Linux system inodes resources are exhausted. How to solve it?


Linux system inodes resources are exhausted. How to solve it?

Inodes introduction

Under Linux system, the file data is stored in the “block”, and the meta information of the file, such as the creator of the file, the creation date of the file, the size of the file, etc. This area for storing file meta information is called inode, which is translated into Chinese as “index node”. Inode also takes up hard disk space. When the hard disk is formatted, the operating system automatically divides the hard disk into two areas. One is the data area, which stores file data; The other is the inode table, which stores the information contained in the inode.

The size of each inode node is generally 128 bytes or 256 bytes. The total number of inode nodes is given during formatting. Generally, one inode is set every 1KB or 2KB. Assuming that in a 1GB hard disk, the size of each inode node is 128 bytes and an inode is set every 1KB, the size of the inode table will reach 128MB, accounting for 12.8% of the whole hard disk.

Inodes resource exhausted

The use of inodes is similar to the use of storage space. They can’t create files or execute some commands normally. When inodes are used up, there may still be storage space. In this case, a large number of small files are generated and inode tables are full.

In general, inodes only use a few percent when the storage space is used up, so it is easy to ignore the monitoring of inodes usage.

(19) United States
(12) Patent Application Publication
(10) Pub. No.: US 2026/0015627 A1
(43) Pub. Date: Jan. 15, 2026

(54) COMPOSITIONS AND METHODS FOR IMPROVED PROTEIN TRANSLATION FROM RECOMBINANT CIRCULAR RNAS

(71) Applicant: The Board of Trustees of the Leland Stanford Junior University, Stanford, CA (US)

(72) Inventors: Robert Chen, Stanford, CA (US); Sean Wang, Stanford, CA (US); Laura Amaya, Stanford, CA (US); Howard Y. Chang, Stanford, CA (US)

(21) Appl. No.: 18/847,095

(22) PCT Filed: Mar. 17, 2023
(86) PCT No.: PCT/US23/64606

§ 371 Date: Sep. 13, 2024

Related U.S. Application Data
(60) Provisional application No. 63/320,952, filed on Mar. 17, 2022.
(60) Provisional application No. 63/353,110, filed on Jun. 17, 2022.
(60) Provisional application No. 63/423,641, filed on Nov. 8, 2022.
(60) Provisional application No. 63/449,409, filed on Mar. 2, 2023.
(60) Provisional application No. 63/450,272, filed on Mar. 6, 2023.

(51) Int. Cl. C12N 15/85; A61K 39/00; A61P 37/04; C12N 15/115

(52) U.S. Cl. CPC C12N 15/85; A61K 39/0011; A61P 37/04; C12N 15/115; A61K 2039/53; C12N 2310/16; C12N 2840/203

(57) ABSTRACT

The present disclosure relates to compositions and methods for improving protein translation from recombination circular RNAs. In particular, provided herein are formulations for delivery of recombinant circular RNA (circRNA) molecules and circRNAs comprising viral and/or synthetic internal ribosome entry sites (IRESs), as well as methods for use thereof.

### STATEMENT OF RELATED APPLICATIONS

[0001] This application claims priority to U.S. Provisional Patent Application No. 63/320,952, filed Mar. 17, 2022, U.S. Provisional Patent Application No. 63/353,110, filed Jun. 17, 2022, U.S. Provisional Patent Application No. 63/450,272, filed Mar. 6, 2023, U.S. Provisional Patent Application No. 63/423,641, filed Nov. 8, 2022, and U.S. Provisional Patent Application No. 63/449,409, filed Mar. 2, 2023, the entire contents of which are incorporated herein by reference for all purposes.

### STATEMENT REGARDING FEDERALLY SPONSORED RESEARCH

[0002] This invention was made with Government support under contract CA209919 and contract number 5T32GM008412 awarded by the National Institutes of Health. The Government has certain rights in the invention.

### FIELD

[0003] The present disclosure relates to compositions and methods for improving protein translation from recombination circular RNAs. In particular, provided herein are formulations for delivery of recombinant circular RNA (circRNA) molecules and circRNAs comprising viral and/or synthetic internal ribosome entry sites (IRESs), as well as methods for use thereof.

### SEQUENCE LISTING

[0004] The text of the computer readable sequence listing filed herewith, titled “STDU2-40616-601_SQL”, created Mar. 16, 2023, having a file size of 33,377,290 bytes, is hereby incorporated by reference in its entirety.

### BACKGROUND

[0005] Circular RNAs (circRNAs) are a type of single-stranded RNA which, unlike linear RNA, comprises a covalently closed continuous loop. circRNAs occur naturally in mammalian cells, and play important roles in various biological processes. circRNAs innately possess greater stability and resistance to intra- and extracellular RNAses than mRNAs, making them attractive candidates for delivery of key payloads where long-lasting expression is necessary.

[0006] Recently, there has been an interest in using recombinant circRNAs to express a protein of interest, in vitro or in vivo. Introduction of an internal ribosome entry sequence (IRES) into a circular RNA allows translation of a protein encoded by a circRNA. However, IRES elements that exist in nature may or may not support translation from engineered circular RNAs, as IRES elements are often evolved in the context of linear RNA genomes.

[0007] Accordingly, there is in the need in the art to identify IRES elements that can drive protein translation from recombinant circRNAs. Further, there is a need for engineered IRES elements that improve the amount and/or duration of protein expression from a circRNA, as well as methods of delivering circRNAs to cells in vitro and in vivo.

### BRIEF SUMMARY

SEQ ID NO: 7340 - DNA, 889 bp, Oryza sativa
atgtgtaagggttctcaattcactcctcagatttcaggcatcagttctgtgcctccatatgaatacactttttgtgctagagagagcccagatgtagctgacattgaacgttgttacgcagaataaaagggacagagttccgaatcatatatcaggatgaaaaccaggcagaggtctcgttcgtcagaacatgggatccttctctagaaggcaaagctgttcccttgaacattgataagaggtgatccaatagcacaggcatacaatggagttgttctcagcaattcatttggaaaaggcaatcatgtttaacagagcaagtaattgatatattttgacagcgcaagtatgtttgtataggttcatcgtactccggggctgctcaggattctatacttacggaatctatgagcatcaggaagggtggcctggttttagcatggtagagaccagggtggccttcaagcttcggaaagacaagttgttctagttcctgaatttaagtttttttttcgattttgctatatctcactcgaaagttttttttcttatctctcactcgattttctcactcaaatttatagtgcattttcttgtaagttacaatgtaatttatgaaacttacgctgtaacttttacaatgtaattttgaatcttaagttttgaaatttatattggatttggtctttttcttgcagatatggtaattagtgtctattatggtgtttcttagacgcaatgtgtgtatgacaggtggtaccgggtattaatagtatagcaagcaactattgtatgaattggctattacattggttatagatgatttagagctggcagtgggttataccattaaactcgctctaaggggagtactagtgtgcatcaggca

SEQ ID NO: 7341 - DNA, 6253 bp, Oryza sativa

Use the network diagram to illustrate that inodes is exhausted but disk space is not used up: check the disk space usage and use the DF commandLinux system inodes resources are exhausted. How to solve it?To view the usage of inodes, use the DF – I command

Linux system inodes resources are exhausted. How to solve it?

The above two commands can use the – h parameter, and the commands are DF – H and DF – hi. As you can see from the figure, 71% of disk space is used, but 100% of inodes is used.

Inodes depletion resolution

The size of inodes is determined when the partition is formatted. It is related to the size of the partition. The larger the partition, the larger the inodes, and vice versa.

The root directory partition of Linux operating system is generally small. If small files are generated regularly and not cleaned up in time, it is easy to cause inodes to fill up.

Inodes full solution steps:

1. View the directory with the most files

for i in /*; do echo $i; find $i | wc -l; done

If the directory range is determined, write / * to the specific point

Finally, it is found that there are too many small files in the / var / spool / postfix / maildrop directory. The reasons are as follows: when Linux executes cron, it will send the output and warning information in the cron execution script to the cron owner in the form of e-mail. Because sendmail and postfix in the customer’s environment do not work normally and the mail is not sent successfully, all small files are stacked in the maildrop directory. In addition, due to the lack of automatic cleaning mechanism, a large number of files are stacked in this directory.

After investigation, it is found that there is a timing task for clock synchronization every minute under the root user, and the timing task generates a small file every minute.

2. Delete a large number of files

Ls | xargs - n | 1000 # RM - RF # need to use the xargs command, otherwise the deletion will fail.


1. In terms of settings, add mailto = “” in the first line of crontab – E, and no files will be generated

2. Redirect: set a directed output file for scheduled tasks. Scheduled tasks that do not require log output can redirect logs to / dev / null, as follows:

*/10 * * * * /tmp/ >/dev/null 2>&1

3. Scheduled file cleanup

Find Directory - type | F - Mtime + 30 | xargs - n | 1000 | RM - F**

4. Monitoring the use of inodes

Note: you should pay attention to the writing method of crontab and the regular cleaning of generated files

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Linux system inodes resources are exhausted. How to solve it?